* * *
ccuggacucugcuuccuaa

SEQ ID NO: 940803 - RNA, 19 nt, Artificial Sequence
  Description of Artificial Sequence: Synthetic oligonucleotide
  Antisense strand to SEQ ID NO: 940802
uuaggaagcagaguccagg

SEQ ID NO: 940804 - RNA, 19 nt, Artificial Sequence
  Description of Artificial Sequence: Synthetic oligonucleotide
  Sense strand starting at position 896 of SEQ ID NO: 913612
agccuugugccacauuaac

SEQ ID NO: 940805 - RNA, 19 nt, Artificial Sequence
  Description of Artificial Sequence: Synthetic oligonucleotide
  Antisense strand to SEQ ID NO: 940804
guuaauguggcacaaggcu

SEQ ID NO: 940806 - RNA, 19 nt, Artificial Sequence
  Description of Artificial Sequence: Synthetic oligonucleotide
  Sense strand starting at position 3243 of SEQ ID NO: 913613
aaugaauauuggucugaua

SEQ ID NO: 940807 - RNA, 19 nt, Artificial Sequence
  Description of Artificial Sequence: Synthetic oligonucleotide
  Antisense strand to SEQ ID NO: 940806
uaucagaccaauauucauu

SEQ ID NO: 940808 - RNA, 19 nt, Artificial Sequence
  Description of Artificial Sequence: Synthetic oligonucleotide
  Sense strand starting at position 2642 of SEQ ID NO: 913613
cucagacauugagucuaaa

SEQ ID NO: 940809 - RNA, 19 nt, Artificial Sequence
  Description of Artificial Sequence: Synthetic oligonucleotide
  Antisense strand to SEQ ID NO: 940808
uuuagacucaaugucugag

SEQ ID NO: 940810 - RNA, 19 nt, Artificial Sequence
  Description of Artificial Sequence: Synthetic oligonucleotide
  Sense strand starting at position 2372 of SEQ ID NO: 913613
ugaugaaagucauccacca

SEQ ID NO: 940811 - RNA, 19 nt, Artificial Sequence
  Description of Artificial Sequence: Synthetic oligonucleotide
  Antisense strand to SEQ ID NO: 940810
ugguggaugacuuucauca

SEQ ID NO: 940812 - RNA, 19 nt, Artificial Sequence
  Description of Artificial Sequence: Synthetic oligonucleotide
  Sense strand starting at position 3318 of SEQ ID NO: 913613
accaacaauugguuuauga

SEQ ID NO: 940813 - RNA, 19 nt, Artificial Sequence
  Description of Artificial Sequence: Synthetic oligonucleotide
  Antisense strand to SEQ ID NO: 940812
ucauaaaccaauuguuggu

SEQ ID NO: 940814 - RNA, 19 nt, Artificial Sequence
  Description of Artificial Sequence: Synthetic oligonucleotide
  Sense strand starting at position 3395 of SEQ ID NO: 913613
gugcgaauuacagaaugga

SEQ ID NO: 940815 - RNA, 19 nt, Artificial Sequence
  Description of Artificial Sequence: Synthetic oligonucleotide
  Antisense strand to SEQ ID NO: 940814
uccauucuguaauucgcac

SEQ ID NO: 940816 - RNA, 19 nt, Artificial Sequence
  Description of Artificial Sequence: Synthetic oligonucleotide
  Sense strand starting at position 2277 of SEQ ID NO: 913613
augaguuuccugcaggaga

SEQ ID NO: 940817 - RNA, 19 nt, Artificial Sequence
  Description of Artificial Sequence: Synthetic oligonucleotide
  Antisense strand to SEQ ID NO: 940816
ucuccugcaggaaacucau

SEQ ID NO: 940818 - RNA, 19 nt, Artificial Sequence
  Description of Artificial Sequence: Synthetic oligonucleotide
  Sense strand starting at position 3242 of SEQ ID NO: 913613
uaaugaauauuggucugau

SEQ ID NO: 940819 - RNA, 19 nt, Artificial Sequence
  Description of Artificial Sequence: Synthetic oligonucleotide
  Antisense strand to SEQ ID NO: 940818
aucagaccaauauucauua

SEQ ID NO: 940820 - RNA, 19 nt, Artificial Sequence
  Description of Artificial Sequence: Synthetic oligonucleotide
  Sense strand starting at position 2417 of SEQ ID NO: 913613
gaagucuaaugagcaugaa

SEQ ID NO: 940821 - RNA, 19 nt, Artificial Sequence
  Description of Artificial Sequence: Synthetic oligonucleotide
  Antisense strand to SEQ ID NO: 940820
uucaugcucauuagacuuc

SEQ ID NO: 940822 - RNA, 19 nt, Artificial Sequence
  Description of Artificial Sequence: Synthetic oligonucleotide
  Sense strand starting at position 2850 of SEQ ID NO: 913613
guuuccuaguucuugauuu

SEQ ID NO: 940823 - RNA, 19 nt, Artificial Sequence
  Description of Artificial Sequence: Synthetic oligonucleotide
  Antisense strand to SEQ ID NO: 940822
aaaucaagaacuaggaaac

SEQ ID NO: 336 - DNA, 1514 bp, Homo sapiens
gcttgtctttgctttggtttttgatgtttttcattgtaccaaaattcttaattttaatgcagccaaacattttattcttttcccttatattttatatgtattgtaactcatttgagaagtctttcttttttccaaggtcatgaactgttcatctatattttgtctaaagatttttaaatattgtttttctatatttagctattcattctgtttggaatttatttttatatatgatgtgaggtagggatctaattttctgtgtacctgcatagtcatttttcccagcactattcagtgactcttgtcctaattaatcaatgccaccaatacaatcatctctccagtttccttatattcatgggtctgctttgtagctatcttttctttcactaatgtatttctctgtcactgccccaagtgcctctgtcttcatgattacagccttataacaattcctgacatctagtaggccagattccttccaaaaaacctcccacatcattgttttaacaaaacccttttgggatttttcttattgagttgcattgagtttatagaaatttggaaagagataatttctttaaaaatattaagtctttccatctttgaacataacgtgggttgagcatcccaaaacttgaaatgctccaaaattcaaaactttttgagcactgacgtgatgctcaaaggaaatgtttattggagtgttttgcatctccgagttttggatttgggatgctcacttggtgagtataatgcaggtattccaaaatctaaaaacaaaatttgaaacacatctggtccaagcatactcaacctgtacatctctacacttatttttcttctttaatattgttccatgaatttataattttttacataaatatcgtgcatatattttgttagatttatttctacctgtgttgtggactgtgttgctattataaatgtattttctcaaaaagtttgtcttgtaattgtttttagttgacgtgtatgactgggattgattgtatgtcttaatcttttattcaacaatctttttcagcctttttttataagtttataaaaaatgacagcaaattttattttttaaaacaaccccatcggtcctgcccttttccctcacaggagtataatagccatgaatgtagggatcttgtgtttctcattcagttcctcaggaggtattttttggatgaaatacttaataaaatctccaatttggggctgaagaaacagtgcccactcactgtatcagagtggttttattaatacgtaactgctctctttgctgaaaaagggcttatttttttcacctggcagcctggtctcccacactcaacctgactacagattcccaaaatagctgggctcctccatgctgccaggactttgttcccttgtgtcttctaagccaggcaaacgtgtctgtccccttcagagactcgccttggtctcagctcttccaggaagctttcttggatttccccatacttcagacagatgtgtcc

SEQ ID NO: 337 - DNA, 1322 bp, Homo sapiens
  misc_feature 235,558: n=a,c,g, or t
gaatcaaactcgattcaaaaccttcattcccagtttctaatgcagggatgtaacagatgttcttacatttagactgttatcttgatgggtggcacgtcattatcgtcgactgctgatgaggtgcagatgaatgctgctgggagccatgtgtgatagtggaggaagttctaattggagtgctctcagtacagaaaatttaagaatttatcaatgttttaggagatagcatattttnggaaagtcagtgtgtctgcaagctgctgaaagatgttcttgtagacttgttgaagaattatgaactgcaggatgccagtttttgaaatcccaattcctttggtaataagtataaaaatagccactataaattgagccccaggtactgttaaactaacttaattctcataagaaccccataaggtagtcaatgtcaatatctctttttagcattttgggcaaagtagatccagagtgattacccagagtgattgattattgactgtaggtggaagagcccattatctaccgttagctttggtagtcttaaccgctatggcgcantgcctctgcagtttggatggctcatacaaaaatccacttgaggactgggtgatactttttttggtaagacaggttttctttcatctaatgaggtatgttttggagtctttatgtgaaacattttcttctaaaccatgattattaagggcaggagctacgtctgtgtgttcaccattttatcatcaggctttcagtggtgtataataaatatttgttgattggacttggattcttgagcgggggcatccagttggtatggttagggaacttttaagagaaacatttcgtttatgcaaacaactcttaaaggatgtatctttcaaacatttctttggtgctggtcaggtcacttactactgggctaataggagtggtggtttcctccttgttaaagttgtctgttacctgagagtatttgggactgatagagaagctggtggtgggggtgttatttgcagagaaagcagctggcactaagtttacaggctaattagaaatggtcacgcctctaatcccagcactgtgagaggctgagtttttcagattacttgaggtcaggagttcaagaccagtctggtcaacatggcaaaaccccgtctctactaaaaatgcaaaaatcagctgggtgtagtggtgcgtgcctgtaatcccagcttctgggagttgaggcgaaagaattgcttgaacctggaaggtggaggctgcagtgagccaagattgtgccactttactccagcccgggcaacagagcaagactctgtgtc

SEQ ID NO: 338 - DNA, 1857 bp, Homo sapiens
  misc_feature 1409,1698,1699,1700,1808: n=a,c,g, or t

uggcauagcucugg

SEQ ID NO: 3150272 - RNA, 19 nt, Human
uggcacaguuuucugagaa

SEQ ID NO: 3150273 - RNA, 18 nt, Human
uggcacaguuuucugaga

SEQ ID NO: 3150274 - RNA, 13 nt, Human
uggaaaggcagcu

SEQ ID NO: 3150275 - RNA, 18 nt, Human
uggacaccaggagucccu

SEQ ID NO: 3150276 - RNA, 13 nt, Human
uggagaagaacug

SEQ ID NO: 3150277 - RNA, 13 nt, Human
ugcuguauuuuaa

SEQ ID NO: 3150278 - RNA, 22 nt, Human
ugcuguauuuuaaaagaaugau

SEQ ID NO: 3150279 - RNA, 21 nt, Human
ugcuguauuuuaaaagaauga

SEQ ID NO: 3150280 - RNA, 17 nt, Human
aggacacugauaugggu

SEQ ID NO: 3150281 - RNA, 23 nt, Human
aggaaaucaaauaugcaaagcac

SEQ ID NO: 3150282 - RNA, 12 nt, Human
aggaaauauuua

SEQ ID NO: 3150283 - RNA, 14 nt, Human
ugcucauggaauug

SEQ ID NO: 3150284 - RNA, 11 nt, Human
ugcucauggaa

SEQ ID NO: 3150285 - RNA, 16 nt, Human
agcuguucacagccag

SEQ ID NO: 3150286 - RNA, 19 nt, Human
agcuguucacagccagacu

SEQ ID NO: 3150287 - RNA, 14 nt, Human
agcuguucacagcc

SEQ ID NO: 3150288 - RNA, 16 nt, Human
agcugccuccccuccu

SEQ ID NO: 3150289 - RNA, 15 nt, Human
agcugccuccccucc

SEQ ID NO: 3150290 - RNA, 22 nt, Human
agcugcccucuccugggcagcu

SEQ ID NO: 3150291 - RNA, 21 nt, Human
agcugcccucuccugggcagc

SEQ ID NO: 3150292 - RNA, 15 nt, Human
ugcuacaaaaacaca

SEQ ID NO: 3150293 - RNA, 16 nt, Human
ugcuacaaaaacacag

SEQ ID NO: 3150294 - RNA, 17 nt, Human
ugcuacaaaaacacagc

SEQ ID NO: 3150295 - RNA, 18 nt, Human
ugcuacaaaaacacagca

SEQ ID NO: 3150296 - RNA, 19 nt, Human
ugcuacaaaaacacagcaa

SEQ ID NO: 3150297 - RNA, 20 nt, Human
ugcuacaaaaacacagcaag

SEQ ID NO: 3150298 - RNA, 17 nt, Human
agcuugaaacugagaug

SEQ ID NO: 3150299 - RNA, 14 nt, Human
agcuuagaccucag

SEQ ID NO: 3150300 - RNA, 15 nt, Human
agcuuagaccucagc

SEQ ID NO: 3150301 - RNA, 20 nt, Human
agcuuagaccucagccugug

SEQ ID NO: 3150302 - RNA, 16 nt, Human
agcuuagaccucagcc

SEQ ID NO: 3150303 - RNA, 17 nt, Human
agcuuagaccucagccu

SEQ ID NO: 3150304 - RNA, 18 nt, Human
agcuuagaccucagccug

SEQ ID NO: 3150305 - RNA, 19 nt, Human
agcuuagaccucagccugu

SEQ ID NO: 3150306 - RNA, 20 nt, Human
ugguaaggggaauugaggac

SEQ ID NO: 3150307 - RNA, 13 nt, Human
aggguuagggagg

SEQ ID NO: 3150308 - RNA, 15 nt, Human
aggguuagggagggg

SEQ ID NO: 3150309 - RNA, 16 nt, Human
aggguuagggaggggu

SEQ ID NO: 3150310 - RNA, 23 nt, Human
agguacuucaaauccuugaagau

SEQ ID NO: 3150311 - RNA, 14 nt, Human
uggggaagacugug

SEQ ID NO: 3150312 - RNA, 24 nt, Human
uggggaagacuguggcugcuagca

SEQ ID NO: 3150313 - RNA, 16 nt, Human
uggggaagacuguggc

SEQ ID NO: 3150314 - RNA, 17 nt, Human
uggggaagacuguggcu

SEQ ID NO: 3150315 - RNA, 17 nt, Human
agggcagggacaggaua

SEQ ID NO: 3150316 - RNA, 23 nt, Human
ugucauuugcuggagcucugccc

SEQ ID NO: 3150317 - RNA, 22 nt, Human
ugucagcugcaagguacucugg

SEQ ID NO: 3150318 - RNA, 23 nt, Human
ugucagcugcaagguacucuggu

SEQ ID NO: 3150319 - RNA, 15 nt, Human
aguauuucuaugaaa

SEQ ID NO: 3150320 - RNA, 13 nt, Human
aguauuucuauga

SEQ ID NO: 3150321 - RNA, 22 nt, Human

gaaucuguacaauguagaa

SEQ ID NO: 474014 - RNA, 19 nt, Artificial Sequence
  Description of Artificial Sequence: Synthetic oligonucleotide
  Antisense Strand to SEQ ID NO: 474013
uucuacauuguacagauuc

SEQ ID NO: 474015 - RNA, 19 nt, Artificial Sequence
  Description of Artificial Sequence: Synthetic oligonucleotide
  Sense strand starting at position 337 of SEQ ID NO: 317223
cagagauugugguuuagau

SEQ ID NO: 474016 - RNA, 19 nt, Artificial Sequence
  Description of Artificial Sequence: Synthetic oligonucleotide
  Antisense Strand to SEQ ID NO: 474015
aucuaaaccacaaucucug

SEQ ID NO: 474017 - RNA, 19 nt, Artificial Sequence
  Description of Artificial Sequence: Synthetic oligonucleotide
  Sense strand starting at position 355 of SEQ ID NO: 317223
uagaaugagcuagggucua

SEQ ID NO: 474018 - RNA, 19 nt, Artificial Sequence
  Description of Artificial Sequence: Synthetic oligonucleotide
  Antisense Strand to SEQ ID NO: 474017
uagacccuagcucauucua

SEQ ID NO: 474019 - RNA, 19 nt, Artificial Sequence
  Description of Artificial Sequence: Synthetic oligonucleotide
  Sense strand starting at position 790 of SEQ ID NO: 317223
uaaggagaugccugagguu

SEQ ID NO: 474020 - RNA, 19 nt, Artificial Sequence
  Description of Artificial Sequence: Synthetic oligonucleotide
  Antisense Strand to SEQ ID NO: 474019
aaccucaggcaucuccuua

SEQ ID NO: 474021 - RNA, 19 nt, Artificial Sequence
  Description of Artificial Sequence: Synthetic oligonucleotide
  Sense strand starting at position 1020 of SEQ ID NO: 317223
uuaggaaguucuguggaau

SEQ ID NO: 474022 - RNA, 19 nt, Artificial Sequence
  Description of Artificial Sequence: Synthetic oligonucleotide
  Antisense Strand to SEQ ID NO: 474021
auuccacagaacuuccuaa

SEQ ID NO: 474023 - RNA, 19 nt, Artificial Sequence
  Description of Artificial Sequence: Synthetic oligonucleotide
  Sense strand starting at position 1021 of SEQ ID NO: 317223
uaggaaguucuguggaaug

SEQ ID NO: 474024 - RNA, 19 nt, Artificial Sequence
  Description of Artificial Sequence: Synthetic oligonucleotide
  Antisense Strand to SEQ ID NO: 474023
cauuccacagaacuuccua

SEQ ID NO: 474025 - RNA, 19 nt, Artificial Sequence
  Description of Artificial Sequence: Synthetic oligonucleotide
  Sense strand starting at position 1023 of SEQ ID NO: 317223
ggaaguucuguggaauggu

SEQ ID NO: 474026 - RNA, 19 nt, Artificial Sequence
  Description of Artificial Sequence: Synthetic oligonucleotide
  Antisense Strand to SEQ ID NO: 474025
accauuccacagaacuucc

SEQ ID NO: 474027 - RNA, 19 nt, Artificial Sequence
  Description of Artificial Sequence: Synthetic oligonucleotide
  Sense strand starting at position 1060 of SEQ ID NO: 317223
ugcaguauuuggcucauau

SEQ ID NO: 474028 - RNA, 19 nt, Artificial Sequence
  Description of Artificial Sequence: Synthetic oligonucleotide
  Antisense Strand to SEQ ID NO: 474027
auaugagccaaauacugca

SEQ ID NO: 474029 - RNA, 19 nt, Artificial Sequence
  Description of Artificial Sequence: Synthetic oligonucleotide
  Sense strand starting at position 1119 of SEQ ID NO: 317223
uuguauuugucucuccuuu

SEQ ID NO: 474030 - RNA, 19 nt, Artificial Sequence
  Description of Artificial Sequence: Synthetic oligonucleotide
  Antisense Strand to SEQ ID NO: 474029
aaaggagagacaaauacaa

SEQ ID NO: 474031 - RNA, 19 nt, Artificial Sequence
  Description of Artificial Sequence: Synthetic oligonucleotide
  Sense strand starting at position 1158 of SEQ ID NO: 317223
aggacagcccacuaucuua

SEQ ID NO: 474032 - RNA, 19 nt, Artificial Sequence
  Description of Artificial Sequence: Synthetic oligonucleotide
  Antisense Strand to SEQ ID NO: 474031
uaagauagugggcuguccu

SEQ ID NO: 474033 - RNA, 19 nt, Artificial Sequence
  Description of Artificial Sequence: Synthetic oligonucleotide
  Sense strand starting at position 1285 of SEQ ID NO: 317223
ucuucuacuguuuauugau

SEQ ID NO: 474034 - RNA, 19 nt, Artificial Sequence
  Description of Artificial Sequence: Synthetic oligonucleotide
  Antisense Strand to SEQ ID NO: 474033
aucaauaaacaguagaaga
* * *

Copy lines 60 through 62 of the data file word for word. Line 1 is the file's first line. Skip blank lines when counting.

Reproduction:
  Antisense strand to SEQ ID NO: 940816
ucuccugcaggaaacucau

SEQ ID NO: 940818 - RNA, 19 nt, Artificial Sequence